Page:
A well designed sales compensation programme can provide dramatic improvements to sales results and motivation. They ensure the right focus and desired behavior in achieving corporate goals and objectives. In addition to setting clear objectives for people, they reward good performance, the better the performance, the greater the reward. This in itself can help Companies retain its best people and recruit top professionals from outside the organisation while encouraging average performers to get better. Through Special Incentive Programmes (SIP’s), which are discussed later, dramatic results can be achieved for focused campaigns.
Compensation Plan Best Practice
When designing compensation programmes there are some basic principles which need to be followed.
- Plans should be aligned throughout the hierarchy – as with individual KPI’s, to drive the desired results, everyone should be working towards the same goals. The only way to achieve this is to align the plans throughout the hierarchy so results contribute to the master plan. This is normally facilitated through a top down plan, where the corporate goal filters down through the organisation.
- There should be 1 plan for each job role – Sales compensation follows sales job design. The plan should support the sales management objectives and KPI’s for each sales position. The number of unique sales compensation plans should be equal to the number of unique sales jobs.
- Plans should support corporate and customer goals – People typically behave in the way they are rewarded. The compensation plan should reward individuals for exhibiting the right behavior required to achieve corporate goals. Given that “world class” sales organisations focus their activities around helping the customer achieve their goals, compensation plans should include reward for developing excellent relationships with, and a deep understanding of customers.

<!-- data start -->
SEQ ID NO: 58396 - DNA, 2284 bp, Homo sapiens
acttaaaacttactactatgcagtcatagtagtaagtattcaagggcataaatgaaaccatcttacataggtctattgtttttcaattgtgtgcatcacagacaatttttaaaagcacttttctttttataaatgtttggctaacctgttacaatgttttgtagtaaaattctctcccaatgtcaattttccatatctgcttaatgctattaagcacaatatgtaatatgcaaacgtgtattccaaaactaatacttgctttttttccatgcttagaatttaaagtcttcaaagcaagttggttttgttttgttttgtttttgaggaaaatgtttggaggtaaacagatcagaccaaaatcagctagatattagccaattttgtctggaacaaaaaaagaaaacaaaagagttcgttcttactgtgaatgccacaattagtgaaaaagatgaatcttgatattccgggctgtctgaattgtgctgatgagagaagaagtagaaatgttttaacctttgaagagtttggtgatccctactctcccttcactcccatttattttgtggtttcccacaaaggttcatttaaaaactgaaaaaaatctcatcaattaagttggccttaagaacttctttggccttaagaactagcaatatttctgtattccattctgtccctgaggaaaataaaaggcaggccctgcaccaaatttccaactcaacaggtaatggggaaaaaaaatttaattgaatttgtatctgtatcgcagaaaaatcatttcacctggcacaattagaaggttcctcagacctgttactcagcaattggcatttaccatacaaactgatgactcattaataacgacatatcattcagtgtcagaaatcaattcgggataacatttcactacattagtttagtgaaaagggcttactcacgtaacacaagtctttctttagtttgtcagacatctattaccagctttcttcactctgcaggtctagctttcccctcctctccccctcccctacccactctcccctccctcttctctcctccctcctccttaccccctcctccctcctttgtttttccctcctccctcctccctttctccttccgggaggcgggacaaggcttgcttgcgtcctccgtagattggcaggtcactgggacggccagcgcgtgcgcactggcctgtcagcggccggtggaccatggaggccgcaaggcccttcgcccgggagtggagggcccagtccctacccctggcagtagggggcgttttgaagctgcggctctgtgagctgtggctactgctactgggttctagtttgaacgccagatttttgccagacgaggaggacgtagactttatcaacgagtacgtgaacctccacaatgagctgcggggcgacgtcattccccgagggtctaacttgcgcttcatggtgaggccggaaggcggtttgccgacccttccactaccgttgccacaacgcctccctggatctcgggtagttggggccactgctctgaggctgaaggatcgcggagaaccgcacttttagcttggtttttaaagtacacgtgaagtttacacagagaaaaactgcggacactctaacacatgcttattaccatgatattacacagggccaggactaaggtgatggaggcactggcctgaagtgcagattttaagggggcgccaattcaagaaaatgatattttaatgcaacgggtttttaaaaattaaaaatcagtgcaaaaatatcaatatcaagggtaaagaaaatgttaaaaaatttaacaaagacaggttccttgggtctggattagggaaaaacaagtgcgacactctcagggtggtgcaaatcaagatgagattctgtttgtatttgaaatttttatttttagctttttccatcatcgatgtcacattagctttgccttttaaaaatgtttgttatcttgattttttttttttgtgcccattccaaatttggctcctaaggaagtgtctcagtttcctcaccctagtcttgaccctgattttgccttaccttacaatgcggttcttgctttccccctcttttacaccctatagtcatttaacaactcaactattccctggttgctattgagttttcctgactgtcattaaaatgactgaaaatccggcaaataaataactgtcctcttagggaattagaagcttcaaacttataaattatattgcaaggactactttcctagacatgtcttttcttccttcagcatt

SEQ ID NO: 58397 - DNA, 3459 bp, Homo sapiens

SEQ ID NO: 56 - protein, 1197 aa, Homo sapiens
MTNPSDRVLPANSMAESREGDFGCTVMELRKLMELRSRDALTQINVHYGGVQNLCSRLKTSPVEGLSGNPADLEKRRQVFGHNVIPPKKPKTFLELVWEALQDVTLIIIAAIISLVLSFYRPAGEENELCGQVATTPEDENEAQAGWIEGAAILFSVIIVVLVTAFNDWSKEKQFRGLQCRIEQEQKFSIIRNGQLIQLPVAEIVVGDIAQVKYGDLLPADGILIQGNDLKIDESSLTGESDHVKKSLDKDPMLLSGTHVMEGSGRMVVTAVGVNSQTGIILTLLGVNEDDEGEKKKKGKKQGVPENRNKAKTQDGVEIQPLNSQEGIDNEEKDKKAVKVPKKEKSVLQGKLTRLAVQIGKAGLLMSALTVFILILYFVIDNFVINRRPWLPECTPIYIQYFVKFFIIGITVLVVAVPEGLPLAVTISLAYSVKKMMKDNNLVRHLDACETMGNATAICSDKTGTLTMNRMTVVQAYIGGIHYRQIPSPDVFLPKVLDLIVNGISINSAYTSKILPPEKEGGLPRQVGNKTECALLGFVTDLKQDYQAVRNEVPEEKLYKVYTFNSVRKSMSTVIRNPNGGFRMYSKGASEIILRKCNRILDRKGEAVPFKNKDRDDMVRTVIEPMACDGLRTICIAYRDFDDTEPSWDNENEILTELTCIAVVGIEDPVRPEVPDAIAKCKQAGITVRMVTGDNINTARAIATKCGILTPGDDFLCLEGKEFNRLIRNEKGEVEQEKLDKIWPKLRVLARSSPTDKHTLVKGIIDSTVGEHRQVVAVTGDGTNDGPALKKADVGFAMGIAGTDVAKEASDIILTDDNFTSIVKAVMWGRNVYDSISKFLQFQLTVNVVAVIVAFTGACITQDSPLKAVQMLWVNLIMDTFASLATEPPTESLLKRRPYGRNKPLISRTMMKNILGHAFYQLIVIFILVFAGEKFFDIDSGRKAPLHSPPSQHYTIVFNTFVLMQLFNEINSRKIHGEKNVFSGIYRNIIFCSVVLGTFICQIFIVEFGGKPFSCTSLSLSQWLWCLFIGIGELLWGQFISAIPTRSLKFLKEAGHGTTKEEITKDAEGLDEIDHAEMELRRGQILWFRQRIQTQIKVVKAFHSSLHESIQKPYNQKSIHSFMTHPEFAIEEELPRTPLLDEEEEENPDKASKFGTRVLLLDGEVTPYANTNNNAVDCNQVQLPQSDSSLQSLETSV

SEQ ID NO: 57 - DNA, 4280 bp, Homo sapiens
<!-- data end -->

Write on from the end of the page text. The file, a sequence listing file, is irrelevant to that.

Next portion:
- Plans should drive corporate results – whilst the most successful sales organisations are customer centric, the best plans drive the behavior and activities required to achieve you corporate results. In line with setting job role KPI’s in line with corporate strategy, compensations plans should also focus on a small number of these KPI’s to really focus the sales force on the critical elements.
- Compensation plans should be self-funding – a mature plan will ensure that while top performers can earn large amounts of money, it is only a proportion of the additional revenue they generate for the corporation.
Summary Table of Best practice
Provide timely communication of plan details
|FairnessConsider differences in growth opportunities across territories and account base in plan design
Improve accountability and measurement of territory and account performance
Gain field level acceptance of goals
|MotivationPay for performance
Provide tangible goals
Maintain uncapped payouts ( but self-funding)
Provide accountability towards individual goals
Provide up to date information on
performance against goals
|TargetsHave a fiscally responsible target
Develop goals tied to corporate objectives
Allow focus on solutions that improve customer productivity and help them achieve their business goal
Compensation Plan Potential Pitfalls